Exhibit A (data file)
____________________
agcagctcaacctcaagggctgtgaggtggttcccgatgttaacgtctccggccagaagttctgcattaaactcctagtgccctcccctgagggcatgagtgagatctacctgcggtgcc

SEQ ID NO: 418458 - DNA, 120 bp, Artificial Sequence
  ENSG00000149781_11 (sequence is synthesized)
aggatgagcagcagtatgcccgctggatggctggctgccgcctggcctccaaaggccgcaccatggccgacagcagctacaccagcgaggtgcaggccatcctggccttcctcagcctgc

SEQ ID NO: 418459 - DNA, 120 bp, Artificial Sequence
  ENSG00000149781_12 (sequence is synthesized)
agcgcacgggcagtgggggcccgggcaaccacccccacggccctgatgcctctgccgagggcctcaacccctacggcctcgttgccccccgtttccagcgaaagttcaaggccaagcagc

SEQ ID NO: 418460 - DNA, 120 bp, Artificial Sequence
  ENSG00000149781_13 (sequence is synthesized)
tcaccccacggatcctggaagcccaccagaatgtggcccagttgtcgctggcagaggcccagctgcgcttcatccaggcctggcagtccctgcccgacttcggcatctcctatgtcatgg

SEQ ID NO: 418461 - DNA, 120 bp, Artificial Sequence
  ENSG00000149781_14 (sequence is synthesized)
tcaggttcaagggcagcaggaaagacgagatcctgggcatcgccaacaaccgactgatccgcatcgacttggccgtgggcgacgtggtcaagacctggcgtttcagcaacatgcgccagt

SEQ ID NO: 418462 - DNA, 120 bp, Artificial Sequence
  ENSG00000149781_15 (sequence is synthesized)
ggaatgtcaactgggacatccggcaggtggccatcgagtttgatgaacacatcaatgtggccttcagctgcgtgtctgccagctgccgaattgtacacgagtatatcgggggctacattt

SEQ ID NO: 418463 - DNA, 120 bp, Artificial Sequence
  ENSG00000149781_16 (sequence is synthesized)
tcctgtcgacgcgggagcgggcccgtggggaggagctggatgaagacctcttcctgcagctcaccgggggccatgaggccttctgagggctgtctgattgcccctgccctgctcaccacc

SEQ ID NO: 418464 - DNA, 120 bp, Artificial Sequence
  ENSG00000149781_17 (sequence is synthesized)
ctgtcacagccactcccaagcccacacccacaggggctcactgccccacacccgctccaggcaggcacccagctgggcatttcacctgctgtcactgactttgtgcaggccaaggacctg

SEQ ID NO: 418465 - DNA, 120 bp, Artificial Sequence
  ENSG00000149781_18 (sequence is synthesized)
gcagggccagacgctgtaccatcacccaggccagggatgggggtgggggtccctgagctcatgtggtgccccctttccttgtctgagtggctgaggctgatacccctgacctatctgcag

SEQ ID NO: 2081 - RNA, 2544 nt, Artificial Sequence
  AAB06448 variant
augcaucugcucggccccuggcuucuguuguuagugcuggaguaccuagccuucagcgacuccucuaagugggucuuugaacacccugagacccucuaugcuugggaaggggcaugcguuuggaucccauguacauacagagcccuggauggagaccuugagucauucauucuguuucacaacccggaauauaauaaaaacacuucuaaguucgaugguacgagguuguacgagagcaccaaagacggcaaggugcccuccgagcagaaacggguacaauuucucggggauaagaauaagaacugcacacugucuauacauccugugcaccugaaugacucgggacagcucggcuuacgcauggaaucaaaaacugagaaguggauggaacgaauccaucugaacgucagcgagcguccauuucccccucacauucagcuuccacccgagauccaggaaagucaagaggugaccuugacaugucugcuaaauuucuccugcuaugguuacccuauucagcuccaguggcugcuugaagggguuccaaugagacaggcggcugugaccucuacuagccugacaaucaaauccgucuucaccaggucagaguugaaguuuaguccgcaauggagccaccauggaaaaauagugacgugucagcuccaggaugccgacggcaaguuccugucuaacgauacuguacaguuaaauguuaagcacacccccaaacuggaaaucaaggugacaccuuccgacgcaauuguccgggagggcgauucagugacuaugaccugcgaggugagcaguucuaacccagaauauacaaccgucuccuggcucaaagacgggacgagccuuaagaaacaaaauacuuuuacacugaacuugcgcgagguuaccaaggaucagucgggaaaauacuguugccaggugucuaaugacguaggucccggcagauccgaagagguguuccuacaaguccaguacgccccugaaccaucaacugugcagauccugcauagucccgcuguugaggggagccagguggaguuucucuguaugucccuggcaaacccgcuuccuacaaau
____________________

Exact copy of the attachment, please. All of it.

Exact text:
agcagctcaacctcaagggctgtgaggtggttcccgatgttaacgtctccggccagaagttctgcattaaactcctagtgccctcccctgagggcatgagtgagatctacctgcggtgcc

SEQ ID NO: 418458 - DNA, 120 bp, Artificial Sequence
  ENSG00000149781_11 (sequence is synthesized)
aggatgagcagcagtatgcccgctggatggctggctgccgcctggcctccaaaggccgcaccatggccgacagcagctacaccagcgaggtgcaggccatcctggccttcctcagcctgc

SEQ ID NO: 418459 - DNA, 120 bp, Artificial Sequence
  ENSG00000149781_12 (sequence is synthesized)
agcgcacgggcagtgggggcccgggcaaccacccccacggccctgatgcctctgccgagggcctcaacccctacggcctcgttgccccccgtttccagcgaaagttcaaggccaagcagc

SEQ ID NO: 418460 - DNA, 120 bp, Artificial Sequence
  ENSG00000149781_13 (sequence is synthesized)
tcaccccacggatcctggaagcccaccagaatgtggcccagttgtcgctggcagaggcccagctgcgcttcatccaggcctggcagtccctgcccgacttcggcatctcctatgtcatgg

SEQ ID NO: 418461 - DNA, 120 bp, Artificial Sequence
  ENSG00000149781_14 (sequence is synthesized)
tcaggttcaagggcagcaggaaagacgagatcctgggcatcgccaacaaccgactgatccgcatcgacttggccgtgggcgacgtggtcaagacctggcgtttcagcaacatgcgccagt

SEQ ID NO: 418462 - DNA, 120 bp, Artificial Sequence
  ENSG00000149781_15 (sequence is synthesized)
ggaatgtcaactgggacatccggcaggtggccatcgagtttgatgaacacatcaatgtggccttcagctgcgtgtctgccagctgccgaattgtacacgagtatatcgggggctacattt

SEQ ID NO: 418463 - DNA, 120 bp, Artificial Sequence
  ENSG00000149781_16 (sequence is synthesized)
tcctgtcgacgcgggagcgggcccgtggggaggagctggatgaagacctcttcctgcagctcaccgggggccatgaggccttctgagggctgtctgattgcccctgccctgctcaccacc

SEQ ID NO: 418464 - DNA, 120 bp, Artificial Sequence
  ENSG00000149781_17 (sequence is synthesized)
ctgtcacagccactcccaagcccacacccacaggggctcactgccccacacccgctccaggcaggcacccagctgggcatttcacctgctgtcactgactttgtgcaggccaaggacctg

SEQ ID NO: 418465 - DNA, 120 bp, Artificial Sequence
  ENSG00000149781_18 (sequence is synthesized)
gcagggccagacgctgtaccatcacccaggccagggatgggggtgggggtccctgagctcatgtggtgccccctttccttgtctgagtggctgaggctgatacccctgacctatctgcag

SEQ ID NO: 2081 - RNA, 2544 nt, Artificial Sequence
  AAB06448 variant
augcaucugcucggccccuggcuucuguuguuagugcuggaguaccuagccuucagcgacuccucuaagugggucuuugaacacccugagacccucuaugcuugggaaggggcaugcguuuggaucccauguacauacagagcccuggauggagaccuugagucauucauucuguuucacaacccggaauauaauaaaaacacuucuaaguucgaugguacgagguuguacgagagcaccaaagacggcaaggugcccuccgagcagaaacggguacaauuucucggggauaagaauaagaacugcacacugucuauacauccugugcaccugaaugacucgggacagcucggcuuacgcauggaaucaaaaacugagaaguggauggaacgaauccaucugaacgucagcgagcguccauuucccccucacauucagcuuccacccgagauccaggaaagucaagaggugaccuugacaugucugcuaaauuucuccugcuaugguuacccuauucagcuccaguggcugcuugaagggguuccaaugagacaggcggcugugaccucuacuagccugacaaucaaauccgucuucaccaggucagaguugaaguuuaguccgcaauggagccaccauggaaaaauagugacgugucagcuccaggaugccgacggcaaguuccugucuaacgauacuguacaguuaaauguuaagcacacccccaaacuggaaaucaaggugacaccuuccgacgcaauuguccgggagggcgauucagugacuaugaccugcgaggugagcaguucuaacccagaauauacaaccgucuccuggcucaaagacgggacgagccuuaagaaacaaaauacuuuuacacugaacuugcgcgagguuaccaaggaucagucgggaaaauacuguugccaggugucuaaugacguaggucccggcagauccgaagagguguuccuacaaguccaguacgccccugaaccaucaacugugcagauccugcauagucccgcuguugaggggagccagguggaguuucucuguaugucccuggcaaacccgcuuccuacaaau